Spring 2004 UK Tour
The Herald, Glasgow
...there was no shortage of gobsmacking virtuosity last night... Nobody, surely, could have emerged from the breathtaking performance [of Rachmaninov's First Piano Concerto] without feeling that the work had been completely re-assessed and refreshed. Personally, I have never thought the concerto to be so unified and concise as it appeared last night, with a version of the slow movement stripped of opulence, so cool and pristine in its beauty, that it felt newly-minted. The RNO's amazing performance of [Shostakovich's Eleventh Symphony], in its restraint, incredibly sustained atmosphere and gripping momentum, demolished any notion of the music as party propaganda or bombast. It was pure instrumental drama, rivetingly intense, terrifying in the ferocity of its volcanic moments, and delivered in an astoundingly balanced and coherent interpretation by an orchestra playing out of its skin. What a night for Russian music.
[The RNO] blazed out Shostakovich's Symphony No 11, The Year 1905, as if the blood were still wet on the stones. In a way it is... Pletnev's reading was properly raw, angry and exhausting. His strings were sinuous and virtuosic; there was much poignant woodwind playing; [the brass] never faltered.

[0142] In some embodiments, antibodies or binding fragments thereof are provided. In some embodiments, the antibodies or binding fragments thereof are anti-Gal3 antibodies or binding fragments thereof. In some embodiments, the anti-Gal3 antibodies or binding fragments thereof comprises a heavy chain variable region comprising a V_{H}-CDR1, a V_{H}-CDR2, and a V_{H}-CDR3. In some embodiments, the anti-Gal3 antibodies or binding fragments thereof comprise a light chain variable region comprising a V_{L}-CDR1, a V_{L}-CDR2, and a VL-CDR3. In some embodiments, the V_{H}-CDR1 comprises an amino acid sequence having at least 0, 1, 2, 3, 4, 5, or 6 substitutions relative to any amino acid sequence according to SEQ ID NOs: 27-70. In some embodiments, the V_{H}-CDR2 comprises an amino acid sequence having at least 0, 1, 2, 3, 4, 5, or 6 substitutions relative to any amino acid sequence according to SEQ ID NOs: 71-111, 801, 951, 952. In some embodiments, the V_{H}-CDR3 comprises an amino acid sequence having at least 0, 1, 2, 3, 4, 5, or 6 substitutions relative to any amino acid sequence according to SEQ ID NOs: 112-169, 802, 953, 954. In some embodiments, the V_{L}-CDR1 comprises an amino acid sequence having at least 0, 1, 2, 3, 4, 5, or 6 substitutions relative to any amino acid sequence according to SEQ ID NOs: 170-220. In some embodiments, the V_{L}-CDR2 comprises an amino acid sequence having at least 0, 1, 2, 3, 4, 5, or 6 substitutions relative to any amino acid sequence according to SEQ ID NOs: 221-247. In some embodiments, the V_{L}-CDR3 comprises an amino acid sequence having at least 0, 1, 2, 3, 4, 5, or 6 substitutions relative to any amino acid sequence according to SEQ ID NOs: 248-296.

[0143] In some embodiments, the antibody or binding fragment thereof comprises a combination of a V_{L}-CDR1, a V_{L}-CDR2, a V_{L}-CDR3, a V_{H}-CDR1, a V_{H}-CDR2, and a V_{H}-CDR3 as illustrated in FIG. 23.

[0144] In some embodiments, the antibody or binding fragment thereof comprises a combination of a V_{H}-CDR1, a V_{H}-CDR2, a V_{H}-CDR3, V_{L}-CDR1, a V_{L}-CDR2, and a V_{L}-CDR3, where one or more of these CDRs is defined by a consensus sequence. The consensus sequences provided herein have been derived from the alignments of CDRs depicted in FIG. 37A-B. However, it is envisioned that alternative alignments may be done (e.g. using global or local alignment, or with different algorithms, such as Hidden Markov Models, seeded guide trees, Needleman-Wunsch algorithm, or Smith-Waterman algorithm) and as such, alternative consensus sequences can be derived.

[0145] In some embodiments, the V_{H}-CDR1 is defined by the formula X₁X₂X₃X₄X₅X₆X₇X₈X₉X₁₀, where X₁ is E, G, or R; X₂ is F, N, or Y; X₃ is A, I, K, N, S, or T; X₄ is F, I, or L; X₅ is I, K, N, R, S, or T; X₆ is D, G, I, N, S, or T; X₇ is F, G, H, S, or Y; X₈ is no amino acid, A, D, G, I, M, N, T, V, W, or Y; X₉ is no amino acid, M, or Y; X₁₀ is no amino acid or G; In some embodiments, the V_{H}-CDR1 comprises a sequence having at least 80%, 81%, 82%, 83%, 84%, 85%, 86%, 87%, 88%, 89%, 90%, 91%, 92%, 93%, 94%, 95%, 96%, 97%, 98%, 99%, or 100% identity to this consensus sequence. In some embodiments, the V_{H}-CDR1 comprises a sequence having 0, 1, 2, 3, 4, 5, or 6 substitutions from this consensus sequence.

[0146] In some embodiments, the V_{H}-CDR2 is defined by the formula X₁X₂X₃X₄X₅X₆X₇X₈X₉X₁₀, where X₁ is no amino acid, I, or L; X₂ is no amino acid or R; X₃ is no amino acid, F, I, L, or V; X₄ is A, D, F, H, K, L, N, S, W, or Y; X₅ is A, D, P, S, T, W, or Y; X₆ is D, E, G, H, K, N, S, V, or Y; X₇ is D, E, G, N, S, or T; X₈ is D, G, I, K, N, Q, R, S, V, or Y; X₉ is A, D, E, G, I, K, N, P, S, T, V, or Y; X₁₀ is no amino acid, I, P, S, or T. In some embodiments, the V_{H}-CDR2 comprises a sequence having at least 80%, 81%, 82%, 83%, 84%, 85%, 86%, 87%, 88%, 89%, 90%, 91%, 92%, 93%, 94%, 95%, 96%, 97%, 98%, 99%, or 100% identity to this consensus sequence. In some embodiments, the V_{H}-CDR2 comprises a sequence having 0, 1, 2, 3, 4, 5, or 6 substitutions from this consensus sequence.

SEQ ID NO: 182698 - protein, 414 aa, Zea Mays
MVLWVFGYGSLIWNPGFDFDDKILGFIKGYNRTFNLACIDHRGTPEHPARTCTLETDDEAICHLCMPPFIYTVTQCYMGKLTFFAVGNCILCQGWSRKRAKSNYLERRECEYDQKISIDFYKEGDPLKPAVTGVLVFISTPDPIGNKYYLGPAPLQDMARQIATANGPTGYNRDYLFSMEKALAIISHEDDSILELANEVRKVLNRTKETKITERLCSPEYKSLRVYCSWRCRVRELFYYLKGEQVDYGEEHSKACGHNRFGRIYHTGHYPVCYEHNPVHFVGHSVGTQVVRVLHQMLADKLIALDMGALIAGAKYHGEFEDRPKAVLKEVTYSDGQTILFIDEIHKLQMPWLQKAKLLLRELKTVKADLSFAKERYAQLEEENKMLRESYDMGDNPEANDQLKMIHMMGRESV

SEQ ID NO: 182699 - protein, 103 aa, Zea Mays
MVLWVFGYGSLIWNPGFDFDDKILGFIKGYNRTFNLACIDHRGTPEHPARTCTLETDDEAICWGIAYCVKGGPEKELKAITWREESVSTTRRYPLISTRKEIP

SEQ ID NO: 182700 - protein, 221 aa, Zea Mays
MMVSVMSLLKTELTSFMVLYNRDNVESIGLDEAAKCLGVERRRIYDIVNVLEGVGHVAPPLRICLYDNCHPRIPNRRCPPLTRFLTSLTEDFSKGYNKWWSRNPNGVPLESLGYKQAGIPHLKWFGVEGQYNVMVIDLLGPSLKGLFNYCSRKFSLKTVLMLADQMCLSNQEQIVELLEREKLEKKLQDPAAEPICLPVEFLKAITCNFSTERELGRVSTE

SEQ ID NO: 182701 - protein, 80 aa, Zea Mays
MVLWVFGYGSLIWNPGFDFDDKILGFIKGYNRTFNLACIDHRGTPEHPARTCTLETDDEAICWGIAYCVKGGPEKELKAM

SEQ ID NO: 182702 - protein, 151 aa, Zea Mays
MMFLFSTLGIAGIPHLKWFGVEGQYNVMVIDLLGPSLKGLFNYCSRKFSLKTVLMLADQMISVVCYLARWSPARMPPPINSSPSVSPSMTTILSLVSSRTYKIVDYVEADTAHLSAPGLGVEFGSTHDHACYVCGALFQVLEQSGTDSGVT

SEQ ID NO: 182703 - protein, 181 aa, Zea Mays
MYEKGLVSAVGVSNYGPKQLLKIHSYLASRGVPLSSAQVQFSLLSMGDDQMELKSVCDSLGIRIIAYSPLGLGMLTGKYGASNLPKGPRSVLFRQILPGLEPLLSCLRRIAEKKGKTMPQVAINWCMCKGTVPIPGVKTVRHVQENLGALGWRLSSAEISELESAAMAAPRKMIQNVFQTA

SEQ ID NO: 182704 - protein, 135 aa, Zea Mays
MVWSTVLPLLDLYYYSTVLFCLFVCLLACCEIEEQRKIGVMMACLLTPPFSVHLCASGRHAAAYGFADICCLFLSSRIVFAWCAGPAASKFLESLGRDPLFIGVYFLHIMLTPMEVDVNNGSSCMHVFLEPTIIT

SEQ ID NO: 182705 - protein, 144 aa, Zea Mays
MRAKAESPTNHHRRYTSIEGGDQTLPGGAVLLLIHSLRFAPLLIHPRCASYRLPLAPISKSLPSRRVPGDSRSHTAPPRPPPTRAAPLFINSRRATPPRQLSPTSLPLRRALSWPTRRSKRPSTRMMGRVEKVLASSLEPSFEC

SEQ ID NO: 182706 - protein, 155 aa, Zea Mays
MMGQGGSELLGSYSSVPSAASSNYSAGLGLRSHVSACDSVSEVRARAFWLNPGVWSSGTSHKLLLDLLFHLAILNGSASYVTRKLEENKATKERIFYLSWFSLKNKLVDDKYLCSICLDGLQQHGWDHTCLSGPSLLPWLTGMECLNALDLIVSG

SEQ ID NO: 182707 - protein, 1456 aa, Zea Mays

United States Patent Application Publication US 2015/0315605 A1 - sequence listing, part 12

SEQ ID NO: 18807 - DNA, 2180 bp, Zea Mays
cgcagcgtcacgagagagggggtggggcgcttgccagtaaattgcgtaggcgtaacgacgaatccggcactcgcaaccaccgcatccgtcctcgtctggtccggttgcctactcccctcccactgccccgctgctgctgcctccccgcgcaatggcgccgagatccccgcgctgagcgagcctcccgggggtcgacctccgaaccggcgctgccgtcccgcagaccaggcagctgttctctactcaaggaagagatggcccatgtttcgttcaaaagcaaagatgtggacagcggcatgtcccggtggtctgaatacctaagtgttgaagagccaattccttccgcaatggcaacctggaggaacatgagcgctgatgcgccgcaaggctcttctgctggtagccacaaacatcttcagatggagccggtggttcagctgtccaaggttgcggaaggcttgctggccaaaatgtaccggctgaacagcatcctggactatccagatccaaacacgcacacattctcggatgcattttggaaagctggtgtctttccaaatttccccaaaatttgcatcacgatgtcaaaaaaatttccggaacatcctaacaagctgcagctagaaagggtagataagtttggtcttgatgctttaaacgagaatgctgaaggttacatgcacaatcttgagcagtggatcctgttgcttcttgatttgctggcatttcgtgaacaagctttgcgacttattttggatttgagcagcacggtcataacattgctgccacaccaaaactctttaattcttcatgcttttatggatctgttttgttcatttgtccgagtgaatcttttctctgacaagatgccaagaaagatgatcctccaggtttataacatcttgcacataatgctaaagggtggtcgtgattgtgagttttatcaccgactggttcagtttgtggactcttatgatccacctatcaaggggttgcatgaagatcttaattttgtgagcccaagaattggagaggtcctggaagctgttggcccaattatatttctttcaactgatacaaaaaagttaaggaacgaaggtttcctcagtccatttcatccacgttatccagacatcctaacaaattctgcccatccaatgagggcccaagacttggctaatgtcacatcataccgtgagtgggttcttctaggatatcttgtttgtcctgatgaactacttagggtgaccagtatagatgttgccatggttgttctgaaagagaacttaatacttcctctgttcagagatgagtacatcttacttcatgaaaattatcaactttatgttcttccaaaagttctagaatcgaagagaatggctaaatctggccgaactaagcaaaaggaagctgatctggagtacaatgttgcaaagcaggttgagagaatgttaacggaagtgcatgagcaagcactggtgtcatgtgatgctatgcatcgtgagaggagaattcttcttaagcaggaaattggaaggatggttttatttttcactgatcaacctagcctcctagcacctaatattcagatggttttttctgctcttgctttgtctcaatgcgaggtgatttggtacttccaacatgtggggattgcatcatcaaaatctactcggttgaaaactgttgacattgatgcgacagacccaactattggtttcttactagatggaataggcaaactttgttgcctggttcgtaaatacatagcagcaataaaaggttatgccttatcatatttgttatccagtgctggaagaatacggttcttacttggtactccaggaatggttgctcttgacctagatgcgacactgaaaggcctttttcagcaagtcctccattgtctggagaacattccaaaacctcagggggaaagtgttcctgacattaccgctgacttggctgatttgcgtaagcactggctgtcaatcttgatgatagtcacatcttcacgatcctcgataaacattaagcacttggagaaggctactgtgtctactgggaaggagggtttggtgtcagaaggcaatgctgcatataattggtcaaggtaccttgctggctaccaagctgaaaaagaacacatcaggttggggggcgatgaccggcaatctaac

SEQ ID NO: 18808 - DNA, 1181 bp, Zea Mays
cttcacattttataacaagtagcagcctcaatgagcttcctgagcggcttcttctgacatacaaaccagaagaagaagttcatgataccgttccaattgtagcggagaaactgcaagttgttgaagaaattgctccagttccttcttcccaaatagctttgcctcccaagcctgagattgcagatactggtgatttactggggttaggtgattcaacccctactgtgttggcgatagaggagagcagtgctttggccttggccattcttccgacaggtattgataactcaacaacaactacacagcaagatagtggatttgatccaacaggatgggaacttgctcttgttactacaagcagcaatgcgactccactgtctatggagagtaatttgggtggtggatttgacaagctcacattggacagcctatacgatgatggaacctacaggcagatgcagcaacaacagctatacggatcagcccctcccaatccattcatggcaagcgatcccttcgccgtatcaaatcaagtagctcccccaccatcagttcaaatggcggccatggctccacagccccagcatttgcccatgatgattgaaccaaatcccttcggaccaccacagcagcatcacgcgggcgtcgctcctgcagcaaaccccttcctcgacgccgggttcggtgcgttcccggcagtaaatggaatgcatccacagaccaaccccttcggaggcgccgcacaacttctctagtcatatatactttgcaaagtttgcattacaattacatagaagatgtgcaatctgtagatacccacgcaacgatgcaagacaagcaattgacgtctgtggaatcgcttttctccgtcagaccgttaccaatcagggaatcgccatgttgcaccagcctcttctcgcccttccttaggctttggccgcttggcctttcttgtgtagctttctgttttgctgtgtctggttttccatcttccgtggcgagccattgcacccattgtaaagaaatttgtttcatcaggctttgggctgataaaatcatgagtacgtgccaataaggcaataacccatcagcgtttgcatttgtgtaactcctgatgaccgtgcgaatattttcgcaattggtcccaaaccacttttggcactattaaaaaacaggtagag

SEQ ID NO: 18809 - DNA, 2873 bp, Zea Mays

The Journal [Newcastle]
[The RNO] was on top form for the first night of its UK tour last night. [Pletnev] presided over a concert of great Russian classics played by easily the greatest Russian orchestra of today.
The Russian National Orchestra's performances [are] as close to perfect as one could hope for.
This performance [of Shostakovich] cut deep into the heart of the music, the full-blooded thickness of the RNO strings molten and gnawing, the shrill bite of the wind and brass sending a chill through the air, the percussion firing their shots like heat-seeking missiles...
...if we remember [Symphony No. 11] was composed a year after the brutally suppressed Hungarian uprising of 1956, the power of Shostakovich's subtext becomes apparent. And, when it works, it really works, as Pletnev's seering account proved. ...the towering tragedy of the crushed revolution in the second movement came across with unrelenting power. Indeed, with the orchestra's piercing trumpets, screeching wind and awesome percussion in full cry, the climaxes there and in the remaining movements were overwhelming, yet finely engineered by Pletnev's impassioned conducting into the framework of the whole vast structure.